Lilac Breasted Roller

April 18, 2015

The lilac-breasted roller is the national bird of both Kenya and Botswana and is considered one of the world’s most beautiful birds with its pastel plumage, striking field marks and long tail streamers. It is a member of the roller family of birds and is widely distributed in sub-Saharan Africa and the southern Arabian Peninsula preferring open woodland and savanna. The average size of this bird is 14.5 inches. Its washed green head is large, the neck is short and the greenish yellow legs are short and small feet. The beak is strong, arched and hooked-tipped. The tail is narrow and of medium length. The back and scapulars are brown. The shoulder of the wing, outer webs of the flight feathers and the rump are all violet. The underparts are greenish blue. The bill is black and the eyes are brown. It has large wings and strong flight.

Genders are similar with a white or creamy buff face with a dark eye line and prominent rictal bristles. The chin is white, auriculars are dark tan with a purple wash and the throat and upper breast are purple, most often a lilac shade but with some hue variation and darker shades lower on the body.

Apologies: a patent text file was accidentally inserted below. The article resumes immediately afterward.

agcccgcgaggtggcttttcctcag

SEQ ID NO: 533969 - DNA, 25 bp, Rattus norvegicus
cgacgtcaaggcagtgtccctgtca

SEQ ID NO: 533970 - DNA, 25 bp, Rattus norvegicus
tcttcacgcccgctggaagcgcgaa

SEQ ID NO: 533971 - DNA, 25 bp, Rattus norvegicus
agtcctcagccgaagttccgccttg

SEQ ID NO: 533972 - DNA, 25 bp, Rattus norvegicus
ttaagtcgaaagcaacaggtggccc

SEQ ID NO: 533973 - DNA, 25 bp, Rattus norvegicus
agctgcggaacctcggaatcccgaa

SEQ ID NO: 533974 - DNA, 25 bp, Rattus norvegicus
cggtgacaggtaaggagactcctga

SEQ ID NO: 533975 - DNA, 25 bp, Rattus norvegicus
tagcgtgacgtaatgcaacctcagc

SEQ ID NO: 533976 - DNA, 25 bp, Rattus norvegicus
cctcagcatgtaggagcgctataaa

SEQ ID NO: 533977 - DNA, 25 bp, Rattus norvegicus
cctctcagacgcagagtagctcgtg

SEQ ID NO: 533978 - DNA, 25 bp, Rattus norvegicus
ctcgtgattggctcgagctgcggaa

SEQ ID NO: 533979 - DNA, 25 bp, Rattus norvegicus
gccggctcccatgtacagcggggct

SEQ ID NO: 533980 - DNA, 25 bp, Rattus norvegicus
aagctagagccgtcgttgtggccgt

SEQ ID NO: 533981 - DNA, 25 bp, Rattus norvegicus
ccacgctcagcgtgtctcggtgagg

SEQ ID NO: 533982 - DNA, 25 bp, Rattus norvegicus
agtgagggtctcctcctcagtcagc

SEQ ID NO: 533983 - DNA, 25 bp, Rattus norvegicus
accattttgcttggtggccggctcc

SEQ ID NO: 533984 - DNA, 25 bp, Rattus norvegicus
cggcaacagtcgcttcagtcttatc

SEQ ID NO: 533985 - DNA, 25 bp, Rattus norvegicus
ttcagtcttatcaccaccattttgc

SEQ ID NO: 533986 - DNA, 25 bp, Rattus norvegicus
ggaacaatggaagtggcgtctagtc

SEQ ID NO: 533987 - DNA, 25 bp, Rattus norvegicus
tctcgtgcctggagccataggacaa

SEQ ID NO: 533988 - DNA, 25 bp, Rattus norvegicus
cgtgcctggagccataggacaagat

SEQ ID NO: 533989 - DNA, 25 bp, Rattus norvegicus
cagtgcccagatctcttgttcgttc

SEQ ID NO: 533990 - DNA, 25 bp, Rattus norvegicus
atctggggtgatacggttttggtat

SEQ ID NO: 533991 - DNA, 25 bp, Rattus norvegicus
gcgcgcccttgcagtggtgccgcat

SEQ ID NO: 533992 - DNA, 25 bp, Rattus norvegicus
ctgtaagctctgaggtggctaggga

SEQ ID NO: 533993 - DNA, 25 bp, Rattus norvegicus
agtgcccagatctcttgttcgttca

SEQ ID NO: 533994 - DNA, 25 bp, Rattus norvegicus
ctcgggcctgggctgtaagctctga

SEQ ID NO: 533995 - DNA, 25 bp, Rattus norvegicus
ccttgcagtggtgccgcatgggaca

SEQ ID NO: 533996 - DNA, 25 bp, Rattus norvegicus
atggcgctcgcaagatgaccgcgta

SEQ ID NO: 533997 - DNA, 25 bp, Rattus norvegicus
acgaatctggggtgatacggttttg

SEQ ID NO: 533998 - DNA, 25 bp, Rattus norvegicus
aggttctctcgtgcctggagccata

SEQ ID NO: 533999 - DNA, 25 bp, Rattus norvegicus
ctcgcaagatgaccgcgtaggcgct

2015-0406 Lilac Breasted Roller

This bird is usually absent from treeless places and is usually found alone or in pairs where it perches conspicuously at the tops of trees, poles or other high vantage points where it can spot lizards, scorpions, snails, smaller birds and insects moving around at ground level. The Lilac Breasted Roller feeds on grasshoppers, beetles, occasionally lizards, crabs, and small amphibians taking their prey from the ground.
Lilac-breasted Roller: Photo by Photographer Louis Blair –

Lilac-breasted Roller

The lilac-breasted roller makes its nests in a natural hole in a tree where a clutch of 2 to 4 eggs is laid and incubated by both parents who can get extremely aggressive in defending their nest from other raptors and predators. The male will rise to great heights, descending in swoops and dives during the breeding season uttering harsh cry. They are territorial, also defending temporarily small feeding territories; hence individuals are regularly spaced along roads. They drive off many species from near their nest hole, even after breeding.

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